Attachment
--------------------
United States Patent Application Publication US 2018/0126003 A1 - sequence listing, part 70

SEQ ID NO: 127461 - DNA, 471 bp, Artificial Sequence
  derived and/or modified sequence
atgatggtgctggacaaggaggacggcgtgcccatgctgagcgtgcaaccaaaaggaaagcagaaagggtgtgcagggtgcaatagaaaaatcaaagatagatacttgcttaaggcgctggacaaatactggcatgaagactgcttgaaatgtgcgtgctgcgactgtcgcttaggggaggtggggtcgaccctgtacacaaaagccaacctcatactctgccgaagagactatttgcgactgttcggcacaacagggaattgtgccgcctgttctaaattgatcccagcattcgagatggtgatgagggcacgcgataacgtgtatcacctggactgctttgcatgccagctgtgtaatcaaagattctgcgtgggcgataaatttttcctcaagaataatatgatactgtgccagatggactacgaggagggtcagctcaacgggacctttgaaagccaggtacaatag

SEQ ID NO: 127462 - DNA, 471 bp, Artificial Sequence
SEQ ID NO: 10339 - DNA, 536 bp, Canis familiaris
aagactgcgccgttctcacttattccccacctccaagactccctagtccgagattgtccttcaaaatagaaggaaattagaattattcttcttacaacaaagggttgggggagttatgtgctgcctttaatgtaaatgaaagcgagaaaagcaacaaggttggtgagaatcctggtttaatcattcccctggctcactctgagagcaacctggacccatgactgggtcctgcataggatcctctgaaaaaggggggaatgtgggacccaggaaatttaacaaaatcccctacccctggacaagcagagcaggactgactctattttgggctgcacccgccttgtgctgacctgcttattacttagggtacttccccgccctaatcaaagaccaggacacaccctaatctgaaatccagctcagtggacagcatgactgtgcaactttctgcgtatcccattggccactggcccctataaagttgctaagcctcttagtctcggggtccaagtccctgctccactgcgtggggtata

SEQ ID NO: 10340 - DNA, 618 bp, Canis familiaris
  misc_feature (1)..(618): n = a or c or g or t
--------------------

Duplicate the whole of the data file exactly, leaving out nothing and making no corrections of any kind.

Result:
United States Patent Application Publication US 2018/0126003 A1 - sequence listing, part 70

SEQ ID NO: 127461 - DNA, 471 bp, Artificial Sequence
  derived and/or modified sequence
atgatggtgctggacaaggaggacggcgtgcccatgctgagcgtgcaaccaaaaggaaagcagaaagggtgtgcagggtgcaatagaaaaatcaaagatagatacttgcttaaggcgctggacaaatactggcatgaagactgcttgaaatgtgcgtgctgcgactgtcgcttaggggaggtggggtcgaccctgtacacaaaagccaacctcatactctgccgaagagactatttgcgactgttcggcacaacagggaattgtgccgcctgttctaaattgatcccagcattcgagatggtgatgagggcacgcgataacgtgtatcacctggactgctttgcatgccagctgtgtaatcaaagattctgcgtgggcgataaatttttcctcaagaataatatgatactgtgccagatggactacgaggagggtcagctcaacgggacctttgaaagccaggtacaatag

SEQ ID NO: 127462 - DNA, 471 bp, Artificial Sequence
SEQ ID NO: 10339 - DNA, 536 bp, Canis familiaris
aagactgcgccgttctcacttattccccacctccaagactccctagtccgagattgtccttcaaaatagaaggaaattagaattattcttcttacaacaaagggttgggggagttatgtgctgcctttaatgtaaatgaaagcgagaaaagcaacaaggttggtgagaatcctggtttaatcattcccctggctcactctgagagcaacctggacccatgactgggtcctgcataggatcctctgaaaaaggggggaatgtgggacccaggaaatttaacaaaatcccctacccctggacaagcagagcaggactgactctattttgggctgcacccgccttgtgctgacctgcttattacttagggtacttccccgccctaatcaaagaccaggacacaccctaatctgaaatccagctcagtggacagcatgactgtgcaactttctgcgtatcccattggccactggcccctataaagttgctaagcctcttagtctcggggtccaagtccctgctccactgcgtggggtata

SEQ ID NO: 10340 - DNA, 618 bp, Canis familiaris
  misc_feature (1)..(618): n = a or c or g or t